SCOTUS ruled long ago that the police can not say “STOP OR I”LL SHOOT” a suspect that is on the run.
If they are a threat then that will allow police to use force.

JR Bailey

Bob Irwin,

Since Texas has the law as you stated, but you can pursue a fleeing felon to recover proceeds or property, why is this employee facing a grand jury in the first place?

The citation you gave by the lieutenant of the Houston PD, would seem to indicate that the PD believes the employee was in reality, fearing for his life when the firefight began, and then simply availed himself of Texas law after that point.

So, what gives?

Wild Bill

Bailey, When the county prosecutor does not want to bring charges, they will often CYA by sending the case to the grand jury.


The bad news is the SOB lived to rob another day.

Mark Are

If cops can shoot a fleeing felon and it’s “ok” then so should a citizen be able to do so. What makes them more immune then the average citizen?

Old 1811

The police have a duty to pursue and apprehend criminals, and you don’t. Because of that duty, they also have qualified immunity that may indemnify them if their performance of that duty has a bad outcome, e.g., a pursuit results in injury or death. You don’t have that, either.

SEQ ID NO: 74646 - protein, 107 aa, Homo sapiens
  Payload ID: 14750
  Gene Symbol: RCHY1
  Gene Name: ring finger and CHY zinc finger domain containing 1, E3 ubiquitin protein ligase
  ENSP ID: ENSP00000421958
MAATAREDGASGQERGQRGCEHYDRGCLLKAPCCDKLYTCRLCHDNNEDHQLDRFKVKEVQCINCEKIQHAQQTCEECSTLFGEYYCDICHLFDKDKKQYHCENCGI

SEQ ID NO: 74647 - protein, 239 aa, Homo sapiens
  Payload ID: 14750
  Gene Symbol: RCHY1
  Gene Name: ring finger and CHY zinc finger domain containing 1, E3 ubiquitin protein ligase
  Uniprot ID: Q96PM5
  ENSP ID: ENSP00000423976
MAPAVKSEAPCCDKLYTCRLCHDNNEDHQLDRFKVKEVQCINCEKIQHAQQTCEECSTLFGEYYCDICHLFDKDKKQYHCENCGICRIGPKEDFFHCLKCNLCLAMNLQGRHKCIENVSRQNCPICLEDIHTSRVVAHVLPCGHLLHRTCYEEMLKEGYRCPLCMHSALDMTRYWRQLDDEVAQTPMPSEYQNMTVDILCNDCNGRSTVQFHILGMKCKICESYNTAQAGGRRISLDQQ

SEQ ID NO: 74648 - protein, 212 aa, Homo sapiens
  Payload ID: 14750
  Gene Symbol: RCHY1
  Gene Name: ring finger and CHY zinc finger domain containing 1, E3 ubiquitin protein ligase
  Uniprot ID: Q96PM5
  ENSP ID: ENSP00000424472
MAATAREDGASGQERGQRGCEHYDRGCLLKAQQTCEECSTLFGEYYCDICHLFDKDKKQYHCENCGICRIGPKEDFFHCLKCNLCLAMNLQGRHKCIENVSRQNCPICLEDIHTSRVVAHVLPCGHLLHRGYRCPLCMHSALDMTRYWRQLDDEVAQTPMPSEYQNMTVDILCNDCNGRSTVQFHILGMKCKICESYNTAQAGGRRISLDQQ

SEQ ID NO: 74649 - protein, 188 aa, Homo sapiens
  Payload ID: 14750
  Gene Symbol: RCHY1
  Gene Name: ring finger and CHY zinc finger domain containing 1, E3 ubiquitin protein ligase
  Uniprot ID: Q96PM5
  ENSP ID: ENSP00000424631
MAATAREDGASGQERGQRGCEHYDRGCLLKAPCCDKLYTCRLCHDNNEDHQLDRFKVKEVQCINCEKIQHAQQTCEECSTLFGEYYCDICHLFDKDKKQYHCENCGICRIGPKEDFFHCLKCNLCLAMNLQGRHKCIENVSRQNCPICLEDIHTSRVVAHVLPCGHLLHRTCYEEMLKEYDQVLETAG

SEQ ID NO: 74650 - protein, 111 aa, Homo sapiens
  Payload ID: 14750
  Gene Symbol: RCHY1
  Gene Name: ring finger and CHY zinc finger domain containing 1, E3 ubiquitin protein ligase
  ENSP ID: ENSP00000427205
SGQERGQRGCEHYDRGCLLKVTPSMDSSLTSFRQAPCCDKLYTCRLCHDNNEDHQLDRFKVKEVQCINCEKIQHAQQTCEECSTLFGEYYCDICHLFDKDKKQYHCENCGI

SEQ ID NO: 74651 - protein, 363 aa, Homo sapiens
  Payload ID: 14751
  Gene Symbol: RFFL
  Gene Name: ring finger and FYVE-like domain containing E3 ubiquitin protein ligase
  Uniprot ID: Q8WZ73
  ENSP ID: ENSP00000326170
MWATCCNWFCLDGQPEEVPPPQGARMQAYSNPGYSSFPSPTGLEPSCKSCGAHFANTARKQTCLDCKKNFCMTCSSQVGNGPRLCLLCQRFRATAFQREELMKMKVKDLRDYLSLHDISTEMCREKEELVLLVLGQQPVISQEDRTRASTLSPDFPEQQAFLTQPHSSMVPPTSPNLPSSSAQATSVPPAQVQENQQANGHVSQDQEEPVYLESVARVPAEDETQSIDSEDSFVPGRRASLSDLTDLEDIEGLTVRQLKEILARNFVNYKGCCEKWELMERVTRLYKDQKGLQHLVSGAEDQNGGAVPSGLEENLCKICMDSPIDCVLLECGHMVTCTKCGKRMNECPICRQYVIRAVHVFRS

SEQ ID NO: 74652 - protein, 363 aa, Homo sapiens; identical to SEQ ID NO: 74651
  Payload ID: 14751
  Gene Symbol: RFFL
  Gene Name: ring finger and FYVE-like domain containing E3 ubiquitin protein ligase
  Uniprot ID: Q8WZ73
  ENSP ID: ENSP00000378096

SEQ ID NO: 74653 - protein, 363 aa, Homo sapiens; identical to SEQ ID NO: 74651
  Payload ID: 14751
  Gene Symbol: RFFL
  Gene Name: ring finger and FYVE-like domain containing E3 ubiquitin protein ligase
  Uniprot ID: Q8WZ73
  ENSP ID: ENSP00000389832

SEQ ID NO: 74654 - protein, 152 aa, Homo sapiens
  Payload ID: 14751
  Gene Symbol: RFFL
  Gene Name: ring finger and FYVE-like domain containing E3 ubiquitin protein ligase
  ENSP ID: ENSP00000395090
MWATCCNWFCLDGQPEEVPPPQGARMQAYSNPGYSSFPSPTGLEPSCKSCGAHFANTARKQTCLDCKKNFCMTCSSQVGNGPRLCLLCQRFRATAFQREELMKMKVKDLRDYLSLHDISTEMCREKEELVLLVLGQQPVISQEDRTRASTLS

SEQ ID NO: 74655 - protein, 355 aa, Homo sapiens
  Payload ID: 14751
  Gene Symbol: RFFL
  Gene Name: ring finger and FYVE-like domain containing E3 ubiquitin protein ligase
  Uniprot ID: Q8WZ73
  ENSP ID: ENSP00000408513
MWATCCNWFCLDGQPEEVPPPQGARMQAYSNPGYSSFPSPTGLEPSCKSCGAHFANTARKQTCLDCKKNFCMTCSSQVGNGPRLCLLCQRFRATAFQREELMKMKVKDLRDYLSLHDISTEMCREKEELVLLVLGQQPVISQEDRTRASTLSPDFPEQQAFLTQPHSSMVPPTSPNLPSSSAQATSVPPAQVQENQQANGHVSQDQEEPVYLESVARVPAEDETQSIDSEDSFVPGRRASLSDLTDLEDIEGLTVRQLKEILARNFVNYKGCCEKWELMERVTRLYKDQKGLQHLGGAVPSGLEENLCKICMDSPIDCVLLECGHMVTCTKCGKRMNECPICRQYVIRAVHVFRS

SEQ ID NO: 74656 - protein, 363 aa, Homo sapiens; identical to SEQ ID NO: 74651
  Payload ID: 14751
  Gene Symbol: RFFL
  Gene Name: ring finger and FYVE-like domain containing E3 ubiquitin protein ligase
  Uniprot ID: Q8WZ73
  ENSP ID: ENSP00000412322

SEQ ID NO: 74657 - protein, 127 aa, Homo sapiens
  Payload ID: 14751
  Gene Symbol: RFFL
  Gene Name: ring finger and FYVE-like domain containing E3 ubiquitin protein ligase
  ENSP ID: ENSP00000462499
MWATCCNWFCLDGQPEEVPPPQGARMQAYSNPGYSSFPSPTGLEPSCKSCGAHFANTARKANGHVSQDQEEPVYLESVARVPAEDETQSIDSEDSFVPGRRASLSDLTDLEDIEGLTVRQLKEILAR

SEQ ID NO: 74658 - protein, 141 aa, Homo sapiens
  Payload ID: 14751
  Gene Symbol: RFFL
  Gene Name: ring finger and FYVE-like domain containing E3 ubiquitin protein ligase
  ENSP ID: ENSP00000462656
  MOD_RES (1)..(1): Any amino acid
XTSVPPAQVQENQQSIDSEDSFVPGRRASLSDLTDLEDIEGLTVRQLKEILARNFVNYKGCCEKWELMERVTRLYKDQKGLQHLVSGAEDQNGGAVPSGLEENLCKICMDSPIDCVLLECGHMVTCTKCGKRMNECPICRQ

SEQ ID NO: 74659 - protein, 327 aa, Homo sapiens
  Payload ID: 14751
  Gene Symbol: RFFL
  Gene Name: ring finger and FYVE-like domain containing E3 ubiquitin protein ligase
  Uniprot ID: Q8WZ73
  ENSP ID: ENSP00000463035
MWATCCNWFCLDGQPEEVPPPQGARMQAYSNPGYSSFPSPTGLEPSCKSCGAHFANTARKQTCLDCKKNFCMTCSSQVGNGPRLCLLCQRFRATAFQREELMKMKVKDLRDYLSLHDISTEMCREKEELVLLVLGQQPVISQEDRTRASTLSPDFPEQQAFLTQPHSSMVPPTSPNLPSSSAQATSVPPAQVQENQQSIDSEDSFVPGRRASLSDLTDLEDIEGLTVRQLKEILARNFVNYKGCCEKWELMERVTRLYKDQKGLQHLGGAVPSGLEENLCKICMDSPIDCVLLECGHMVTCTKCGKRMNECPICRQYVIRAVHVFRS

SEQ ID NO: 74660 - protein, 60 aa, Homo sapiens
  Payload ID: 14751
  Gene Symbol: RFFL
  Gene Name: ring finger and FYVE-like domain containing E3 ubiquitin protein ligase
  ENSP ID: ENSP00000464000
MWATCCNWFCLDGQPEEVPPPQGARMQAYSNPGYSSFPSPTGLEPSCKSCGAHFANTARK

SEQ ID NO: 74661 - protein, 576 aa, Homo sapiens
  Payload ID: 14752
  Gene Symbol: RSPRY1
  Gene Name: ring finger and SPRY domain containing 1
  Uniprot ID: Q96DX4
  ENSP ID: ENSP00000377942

What you do have is the right to defend yourself against an imminent threat. Once your assailant starts fleeing, he is no longer an imminent threat. Since you have no duty to pursue or apprehend, and no qualified immunity, you usually can’t legally shoot a fleeing felon.

Wild Bill

@Old 1811 The Qualified Immunity doctrine only protects police and other bureaucrats from civil actions. The doctrine is that government officials performing discretionary functions generally are shielded from liability for civil damages insofar as their conduct does not violate clearly established statutory or constitutional rights of which a reasonable person would have known. I believe the name of a leading case on QI is Harlow v Fitzgerald. I am sure that someone out there will know for sure, off the top of their head. When it comes to shooting people, everyone is subject to the same law of self defense… Read more »

Old 1811

The questioner asked why he can’t shoot fleeing felons and the police can. I just wanted a one-size-fits-all explanation, which is: The police have a duty to pursue and apprehend, and non-police don’t. I didn’t want to get into a pedantic discussion of Garner v. Tennessee and Graham v. Connor, etc. I just wanted to keep it simple.

Wild Bill

Old 1811, That’s cool, brother. There are more important issues that demand our attention.



Wild Bill

, Cops are not allowed to shoot a fleeing felon. Cops can only use deadly force if they feel threatened by deadly force, just like the rest of us. When a person attempting or even just displaying deadly force turns his back or even runs, that does not mean that he is no longer a threat. Because a person does not comply with the lawful orders of police to stop, and drop the weapon and because the threat can maneuver and reengage is why the cops and you can shoot to stop the continued threat.

M Reyna

I’m waiting for local newspaper to run a what a good boy he is and was turning his life around. He just needed milk money for his kids.


Expect the VCA’s favorite ambulance chaser to file an “attempted murder” lawsuit in civil court. Remember: the USA is the most litigious country in tie world.